Autosomal recessive polycystic kidney disease: long-term outcome of neonatal survivors

Pediatr Nephrol. 1997 Jun;11(3):302-6. doi: 10.1007/s004670050281.


Autosomal recessive polycystic kidney disease causes renal and hepatic dysfunction in childhood. We describe the clinical outcome of 52 children with this diagnosis born between 1950 and 1993. Currently 23 are alive, 24 dead and 5 have been lost to follow-up; 1 has been dialysed and 7 transplanted. Life-table analysis of the patients surviving the 1st month of life revealed an actuarial renal survival of 86% at 1 year and 67% at 15 years. The probability of requiring anti-hypertensive treatment was 39% at 1 year and 60% at 15 years of age. Bleeding from gastro-oesophageal varices occurred in 8 patients at a mean age of 12.5 years, and was preceded by haematological evidence of hypersplenism in 6 of them. The study indicates a relatively good prognosis for patients with this condition who survive the neonatal period and emphasises the importance of early detection and appropriate management of systemic and portal hypertension.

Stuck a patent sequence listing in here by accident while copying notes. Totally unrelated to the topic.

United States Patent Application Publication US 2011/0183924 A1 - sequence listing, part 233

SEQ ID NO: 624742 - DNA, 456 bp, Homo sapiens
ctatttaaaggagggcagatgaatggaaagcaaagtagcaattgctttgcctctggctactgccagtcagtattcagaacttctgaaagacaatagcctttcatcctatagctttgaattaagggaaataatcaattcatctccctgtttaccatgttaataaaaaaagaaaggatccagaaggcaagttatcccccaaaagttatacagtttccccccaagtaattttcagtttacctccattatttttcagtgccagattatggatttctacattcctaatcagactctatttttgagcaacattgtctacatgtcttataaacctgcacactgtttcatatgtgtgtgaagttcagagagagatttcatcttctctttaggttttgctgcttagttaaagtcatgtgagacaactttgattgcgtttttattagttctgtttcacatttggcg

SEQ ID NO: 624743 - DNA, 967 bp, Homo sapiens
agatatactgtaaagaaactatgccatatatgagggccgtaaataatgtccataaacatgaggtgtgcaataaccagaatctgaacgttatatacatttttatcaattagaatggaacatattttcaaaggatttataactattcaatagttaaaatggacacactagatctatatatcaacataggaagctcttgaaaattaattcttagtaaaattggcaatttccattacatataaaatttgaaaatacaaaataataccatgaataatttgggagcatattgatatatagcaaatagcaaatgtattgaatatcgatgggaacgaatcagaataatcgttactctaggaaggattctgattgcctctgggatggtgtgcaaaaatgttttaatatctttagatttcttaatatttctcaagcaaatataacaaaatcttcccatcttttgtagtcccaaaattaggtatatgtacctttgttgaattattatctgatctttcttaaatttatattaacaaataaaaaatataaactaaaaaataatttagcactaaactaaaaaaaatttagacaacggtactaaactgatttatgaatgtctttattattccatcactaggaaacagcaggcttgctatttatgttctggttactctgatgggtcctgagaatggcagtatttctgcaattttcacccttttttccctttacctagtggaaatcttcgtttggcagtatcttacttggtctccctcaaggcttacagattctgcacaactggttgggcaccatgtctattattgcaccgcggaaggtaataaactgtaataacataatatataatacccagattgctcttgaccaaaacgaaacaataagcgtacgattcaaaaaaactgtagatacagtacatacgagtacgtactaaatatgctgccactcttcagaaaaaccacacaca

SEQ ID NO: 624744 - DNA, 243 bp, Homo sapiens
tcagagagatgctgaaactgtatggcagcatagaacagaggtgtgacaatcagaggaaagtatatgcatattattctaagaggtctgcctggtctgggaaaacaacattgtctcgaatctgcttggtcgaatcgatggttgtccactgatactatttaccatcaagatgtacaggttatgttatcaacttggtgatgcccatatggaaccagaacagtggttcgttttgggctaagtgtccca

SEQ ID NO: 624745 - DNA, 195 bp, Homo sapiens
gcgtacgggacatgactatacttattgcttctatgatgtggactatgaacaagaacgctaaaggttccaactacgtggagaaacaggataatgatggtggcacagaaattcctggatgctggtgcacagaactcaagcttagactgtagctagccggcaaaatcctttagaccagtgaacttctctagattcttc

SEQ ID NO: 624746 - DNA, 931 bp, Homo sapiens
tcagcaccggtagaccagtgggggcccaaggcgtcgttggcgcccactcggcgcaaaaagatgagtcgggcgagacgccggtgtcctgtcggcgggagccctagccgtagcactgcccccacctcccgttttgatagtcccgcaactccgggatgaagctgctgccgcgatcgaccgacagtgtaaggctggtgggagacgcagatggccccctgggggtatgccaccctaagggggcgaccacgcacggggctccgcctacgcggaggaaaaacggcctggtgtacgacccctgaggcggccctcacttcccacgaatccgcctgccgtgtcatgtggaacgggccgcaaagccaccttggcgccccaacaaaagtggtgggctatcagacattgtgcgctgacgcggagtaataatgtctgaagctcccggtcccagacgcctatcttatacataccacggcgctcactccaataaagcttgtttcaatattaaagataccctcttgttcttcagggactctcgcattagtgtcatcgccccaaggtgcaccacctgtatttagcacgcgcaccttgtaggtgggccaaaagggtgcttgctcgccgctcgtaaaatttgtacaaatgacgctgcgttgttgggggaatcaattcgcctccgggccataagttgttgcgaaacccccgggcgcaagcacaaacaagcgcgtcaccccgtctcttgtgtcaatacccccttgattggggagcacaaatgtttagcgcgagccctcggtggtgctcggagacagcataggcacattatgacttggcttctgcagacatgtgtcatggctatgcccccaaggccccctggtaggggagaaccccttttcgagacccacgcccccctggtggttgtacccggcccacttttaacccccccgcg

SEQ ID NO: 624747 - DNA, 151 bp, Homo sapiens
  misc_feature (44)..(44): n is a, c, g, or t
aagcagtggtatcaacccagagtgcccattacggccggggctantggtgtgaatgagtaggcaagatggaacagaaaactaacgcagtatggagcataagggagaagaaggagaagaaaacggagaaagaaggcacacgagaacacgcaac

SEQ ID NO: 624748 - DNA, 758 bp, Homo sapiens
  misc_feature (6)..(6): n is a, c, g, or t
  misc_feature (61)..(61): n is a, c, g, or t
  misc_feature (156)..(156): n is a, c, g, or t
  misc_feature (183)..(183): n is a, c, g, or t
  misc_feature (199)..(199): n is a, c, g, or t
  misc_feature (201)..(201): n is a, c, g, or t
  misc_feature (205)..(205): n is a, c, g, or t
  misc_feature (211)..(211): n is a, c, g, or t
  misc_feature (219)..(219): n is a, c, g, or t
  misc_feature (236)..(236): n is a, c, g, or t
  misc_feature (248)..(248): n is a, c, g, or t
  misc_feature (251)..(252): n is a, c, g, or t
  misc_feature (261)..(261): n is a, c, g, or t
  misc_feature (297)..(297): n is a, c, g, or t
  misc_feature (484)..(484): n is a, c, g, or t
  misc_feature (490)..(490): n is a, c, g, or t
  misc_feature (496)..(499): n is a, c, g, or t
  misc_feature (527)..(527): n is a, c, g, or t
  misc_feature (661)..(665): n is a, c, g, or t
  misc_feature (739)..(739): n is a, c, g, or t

Publication types

  • Clinical Trial
  • Research Support, Non-U.S. Gov't

MeSH terms

  • Adolescent
  • Cause of Death
  • Child
  • Child, Preschool
  • Female
  • Follow-Up Studies
  • Humans
  • Hypertension, Renal / etiology
  • Hypertension, Renal / mortality
  • Infant
  • Infant, Newborn
  • Kidney Failure, Chronic
  • Life Tables
  • Male
  • Polycystic Kidney, Autosomal Recessive / complications
  • Polycystic Kidney, Autosomal Recessive / mortality*
  • Polycystic Kidney, Autosomal Recessive / pathology
  • Respiratory Tract Diseases / etiology
  • Respiratory Tract Diseases / mortality
  • Survival
  • Survivors
  • Treatment Outcome
  • Urinary Tract Infections / etiology